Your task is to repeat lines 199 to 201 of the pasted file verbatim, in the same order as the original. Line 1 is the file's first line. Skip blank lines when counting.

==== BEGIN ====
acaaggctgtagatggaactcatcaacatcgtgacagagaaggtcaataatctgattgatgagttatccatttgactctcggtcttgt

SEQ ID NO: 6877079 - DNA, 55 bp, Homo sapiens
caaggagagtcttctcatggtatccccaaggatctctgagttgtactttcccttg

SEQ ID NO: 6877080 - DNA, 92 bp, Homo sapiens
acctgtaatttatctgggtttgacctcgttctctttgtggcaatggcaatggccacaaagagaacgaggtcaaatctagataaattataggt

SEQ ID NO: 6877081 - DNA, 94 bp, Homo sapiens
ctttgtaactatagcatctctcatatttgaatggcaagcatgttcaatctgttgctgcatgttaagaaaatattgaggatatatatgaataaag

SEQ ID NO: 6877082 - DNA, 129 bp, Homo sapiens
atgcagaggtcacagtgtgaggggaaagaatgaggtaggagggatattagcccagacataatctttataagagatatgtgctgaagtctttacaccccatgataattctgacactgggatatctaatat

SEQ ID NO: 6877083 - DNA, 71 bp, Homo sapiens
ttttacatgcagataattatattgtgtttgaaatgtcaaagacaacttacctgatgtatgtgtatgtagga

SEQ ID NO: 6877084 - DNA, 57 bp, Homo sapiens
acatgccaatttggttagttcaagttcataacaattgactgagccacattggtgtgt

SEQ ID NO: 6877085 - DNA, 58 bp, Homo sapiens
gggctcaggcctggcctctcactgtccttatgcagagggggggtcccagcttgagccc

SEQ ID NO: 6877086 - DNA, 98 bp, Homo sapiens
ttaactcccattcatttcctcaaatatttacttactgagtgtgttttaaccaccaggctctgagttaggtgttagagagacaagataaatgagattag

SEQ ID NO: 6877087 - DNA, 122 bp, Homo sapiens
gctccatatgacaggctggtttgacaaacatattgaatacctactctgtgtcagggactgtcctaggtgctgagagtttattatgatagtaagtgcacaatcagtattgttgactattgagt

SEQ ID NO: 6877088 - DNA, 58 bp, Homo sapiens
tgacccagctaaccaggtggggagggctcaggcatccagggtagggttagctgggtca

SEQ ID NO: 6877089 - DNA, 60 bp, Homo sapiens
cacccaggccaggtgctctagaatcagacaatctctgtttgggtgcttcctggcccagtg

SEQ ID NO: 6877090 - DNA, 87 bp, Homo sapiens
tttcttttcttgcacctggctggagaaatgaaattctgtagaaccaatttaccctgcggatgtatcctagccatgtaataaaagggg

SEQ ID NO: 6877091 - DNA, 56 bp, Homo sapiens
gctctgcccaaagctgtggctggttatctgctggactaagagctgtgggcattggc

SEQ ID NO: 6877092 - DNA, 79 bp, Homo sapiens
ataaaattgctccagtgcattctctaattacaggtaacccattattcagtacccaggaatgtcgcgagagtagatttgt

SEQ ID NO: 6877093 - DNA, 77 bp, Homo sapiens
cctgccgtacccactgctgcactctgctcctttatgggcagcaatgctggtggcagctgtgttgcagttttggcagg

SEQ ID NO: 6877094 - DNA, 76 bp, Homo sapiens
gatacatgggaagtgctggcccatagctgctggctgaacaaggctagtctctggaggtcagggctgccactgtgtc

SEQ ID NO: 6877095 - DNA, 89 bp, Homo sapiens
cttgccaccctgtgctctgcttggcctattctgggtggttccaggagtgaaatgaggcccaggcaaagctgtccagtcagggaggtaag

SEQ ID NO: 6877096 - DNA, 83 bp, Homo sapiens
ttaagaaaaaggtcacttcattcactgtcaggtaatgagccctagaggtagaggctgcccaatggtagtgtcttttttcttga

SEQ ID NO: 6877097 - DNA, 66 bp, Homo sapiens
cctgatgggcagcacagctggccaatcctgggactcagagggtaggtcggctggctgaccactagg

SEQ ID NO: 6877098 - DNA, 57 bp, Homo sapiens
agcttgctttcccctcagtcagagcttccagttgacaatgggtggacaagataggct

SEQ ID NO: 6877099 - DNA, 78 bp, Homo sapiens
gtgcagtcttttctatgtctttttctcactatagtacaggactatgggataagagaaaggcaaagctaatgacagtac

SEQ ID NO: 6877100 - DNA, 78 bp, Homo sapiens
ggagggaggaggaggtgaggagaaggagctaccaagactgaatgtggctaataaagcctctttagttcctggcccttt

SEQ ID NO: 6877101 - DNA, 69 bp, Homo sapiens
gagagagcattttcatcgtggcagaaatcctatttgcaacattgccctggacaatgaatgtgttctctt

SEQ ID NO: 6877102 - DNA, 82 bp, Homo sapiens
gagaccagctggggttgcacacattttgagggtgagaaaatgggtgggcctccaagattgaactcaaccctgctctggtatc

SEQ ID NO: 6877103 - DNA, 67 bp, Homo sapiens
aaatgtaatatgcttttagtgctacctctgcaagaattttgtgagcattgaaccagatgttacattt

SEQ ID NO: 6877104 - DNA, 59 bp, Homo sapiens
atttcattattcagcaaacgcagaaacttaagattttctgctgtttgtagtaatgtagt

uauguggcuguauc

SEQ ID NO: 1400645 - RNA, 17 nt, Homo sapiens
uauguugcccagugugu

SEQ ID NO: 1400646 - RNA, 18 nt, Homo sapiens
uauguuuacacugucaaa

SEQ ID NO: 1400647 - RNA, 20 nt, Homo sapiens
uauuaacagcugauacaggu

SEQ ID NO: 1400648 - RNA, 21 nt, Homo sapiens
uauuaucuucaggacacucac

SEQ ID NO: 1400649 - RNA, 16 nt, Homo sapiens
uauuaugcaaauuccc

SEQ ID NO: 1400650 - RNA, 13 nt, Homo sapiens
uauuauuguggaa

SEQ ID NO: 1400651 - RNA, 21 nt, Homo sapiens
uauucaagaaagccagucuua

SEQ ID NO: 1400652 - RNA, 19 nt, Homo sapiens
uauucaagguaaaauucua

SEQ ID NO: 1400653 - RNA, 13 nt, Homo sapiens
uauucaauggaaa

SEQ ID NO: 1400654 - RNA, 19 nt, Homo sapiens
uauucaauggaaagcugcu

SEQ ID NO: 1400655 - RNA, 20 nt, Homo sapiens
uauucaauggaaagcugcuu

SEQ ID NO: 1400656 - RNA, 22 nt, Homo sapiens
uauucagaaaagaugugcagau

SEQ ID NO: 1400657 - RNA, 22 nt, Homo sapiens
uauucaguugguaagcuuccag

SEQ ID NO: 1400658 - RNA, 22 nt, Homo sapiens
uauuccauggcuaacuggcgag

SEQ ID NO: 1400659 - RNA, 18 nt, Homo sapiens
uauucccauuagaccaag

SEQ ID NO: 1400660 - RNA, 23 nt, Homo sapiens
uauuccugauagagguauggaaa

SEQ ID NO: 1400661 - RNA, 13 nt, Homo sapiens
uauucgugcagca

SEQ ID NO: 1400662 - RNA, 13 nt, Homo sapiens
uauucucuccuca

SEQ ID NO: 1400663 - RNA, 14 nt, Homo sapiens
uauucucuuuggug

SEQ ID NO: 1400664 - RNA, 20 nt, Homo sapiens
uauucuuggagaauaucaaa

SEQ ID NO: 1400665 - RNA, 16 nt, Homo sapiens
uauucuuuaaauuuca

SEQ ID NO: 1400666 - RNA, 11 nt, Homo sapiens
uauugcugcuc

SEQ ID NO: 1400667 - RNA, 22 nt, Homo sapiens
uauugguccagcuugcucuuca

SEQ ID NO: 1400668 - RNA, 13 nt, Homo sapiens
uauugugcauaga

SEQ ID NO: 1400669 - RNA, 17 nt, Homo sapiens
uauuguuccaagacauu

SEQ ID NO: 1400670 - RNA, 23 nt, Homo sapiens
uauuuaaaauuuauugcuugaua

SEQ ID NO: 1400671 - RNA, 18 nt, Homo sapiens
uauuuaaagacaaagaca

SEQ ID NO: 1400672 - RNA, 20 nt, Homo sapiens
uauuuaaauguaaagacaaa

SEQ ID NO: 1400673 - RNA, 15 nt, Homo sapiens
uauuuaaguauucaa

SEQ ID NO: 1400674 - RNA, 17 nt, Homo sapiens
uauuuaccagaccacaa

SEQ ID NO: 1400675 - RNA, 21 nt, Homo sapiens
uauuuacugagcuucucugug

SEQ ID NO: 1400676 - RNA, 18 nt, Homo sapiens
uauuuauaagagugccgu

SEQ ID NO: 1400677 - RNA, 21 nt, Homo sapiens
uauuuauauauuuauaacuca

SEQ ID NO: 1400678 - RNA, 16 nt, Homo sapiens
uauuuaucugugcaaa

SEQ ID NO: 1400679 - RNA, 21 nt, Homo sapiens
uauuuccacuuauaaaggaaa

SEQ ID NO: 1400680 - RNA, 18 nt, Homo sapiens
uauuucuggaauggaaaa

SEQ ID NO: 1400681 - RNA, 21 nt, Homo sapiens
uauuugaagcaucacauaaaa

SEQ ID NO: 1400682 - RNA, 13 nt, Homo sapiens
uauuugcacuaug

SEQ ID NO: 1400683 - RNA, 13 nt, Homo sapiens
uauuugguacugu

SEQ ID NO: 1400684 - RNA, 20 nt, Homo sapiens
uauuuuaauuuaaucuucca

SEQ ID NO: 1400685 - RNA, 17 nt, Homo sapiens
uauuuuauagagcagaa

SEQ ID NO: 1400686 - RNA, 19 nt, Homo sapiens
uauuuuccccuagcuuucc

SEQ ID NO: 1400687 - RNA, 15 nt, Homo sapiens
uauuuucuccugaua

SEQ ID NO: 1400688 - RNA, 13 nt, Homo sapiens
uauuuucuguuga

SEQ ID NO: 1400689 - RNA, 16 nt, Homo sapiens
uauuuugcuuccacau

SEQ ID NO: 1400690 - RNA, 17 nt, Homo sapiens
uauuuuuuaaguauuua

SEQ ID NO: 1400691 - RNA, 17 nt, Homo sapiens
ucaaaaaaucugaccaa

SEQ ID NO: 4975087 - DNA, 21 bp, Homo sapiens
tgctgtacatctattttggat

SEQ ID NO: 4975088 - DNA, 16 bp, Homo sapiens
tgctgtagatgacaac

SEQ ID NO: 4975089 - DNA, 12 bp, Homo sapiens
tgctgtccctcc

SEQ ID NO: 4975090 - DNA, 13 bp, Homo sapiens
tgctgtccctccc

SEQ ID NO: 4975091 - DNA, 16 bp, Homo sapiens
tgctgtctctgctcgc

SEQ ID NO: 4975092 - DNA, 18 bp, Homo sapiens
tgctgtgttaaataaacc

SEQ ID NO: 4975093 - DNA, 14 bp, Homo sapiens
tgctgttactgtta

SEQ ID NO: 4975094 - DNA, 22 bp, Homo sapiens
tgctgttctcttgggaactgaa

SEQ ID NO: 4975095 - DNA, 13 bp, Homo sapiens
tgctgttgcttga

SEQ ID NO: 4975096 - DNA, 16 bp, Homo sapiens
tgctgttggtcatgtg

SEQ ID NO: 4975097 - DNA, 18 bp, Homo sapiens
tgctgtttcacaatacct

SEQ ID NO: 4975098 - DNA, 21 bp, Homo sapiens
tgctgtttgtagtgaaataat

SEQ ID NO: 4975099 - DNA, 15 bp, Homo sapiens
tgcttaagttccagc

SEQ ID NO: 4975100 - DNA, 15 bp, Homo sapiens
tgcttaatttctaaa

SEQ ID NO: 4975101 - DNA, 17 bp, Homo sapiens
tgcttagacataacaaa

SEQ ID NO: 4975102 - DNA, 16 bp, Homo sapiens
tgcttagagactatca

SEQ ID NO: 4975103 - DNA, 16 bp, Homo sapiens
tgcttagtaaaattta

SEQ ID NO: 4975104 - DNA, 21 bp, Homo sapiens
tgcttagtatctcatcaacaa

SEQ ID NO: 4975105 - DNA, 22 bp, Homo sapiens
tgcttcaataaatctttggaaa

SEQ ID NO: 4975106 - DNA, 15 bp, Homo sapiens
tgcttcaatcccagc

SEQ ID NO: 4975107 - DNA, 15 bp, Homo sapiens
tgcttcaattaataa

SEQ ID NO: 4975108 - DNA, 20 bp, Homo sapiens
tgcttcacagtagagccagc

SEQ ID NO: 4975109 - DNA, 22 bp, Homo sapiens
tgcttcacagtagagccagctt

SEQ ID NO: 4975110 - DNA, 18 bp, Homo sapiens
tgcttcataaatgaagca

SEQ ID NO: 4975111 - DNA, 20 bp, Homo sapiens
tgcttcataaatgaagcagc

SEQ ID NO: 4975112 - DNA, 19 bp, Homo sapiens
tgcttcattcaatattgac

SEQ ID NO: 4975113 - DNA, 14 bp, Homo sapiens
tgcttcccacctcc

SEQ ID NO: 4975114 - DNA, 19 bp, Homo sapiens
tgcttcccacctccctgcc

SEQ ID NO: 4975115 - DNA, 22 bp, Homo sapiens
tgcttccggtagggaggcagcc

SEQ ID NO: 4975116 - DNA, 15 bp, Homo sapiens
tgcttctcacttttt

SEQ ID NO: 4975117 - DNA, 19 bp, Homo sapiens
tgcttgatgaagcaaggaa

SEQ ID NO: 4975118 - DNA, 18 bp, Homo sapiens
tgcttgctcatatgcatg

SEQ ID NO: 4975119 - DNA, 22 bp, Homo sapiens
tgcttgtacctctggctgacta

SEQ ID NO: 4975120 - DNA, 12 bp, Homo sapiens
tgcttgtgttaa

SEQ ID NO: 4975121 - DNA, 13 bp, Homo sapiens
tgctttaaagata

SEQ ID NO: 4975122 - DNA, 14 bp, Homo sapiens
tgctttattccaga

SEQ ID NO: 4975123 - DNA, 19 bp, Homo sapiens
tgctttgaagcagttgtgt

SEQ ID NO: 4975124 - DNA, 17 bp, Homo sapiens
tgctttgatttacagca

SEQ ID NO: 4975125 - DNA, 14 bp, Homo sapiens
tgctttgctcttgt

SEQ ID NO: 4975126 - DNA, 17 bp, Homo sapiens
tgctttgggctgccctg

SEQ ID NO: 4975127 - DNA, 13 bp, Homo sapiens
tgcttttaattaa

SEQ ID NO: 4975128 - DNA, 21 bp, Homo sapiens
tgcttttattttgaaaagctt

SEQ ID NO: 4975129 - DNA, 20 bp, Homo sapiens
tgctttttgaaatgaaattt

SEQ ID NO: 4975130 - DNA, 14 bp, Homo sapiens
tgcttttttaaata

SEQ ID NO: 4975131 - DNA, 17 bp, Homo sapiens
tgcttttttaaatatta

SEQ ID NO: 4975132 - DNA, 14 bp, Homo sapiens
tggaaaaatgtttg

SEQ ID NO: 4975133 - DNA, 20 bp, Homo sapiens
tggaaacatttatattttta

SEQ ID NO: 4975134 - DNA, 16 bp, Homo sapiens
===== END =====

SEQ ID NO: 4975112 - DNA, 19 bp, Homo sapiens
tgcttcattcaatattgac

SEQ ID NO: 4975113 - DNA, 14 bp, Homo sapiens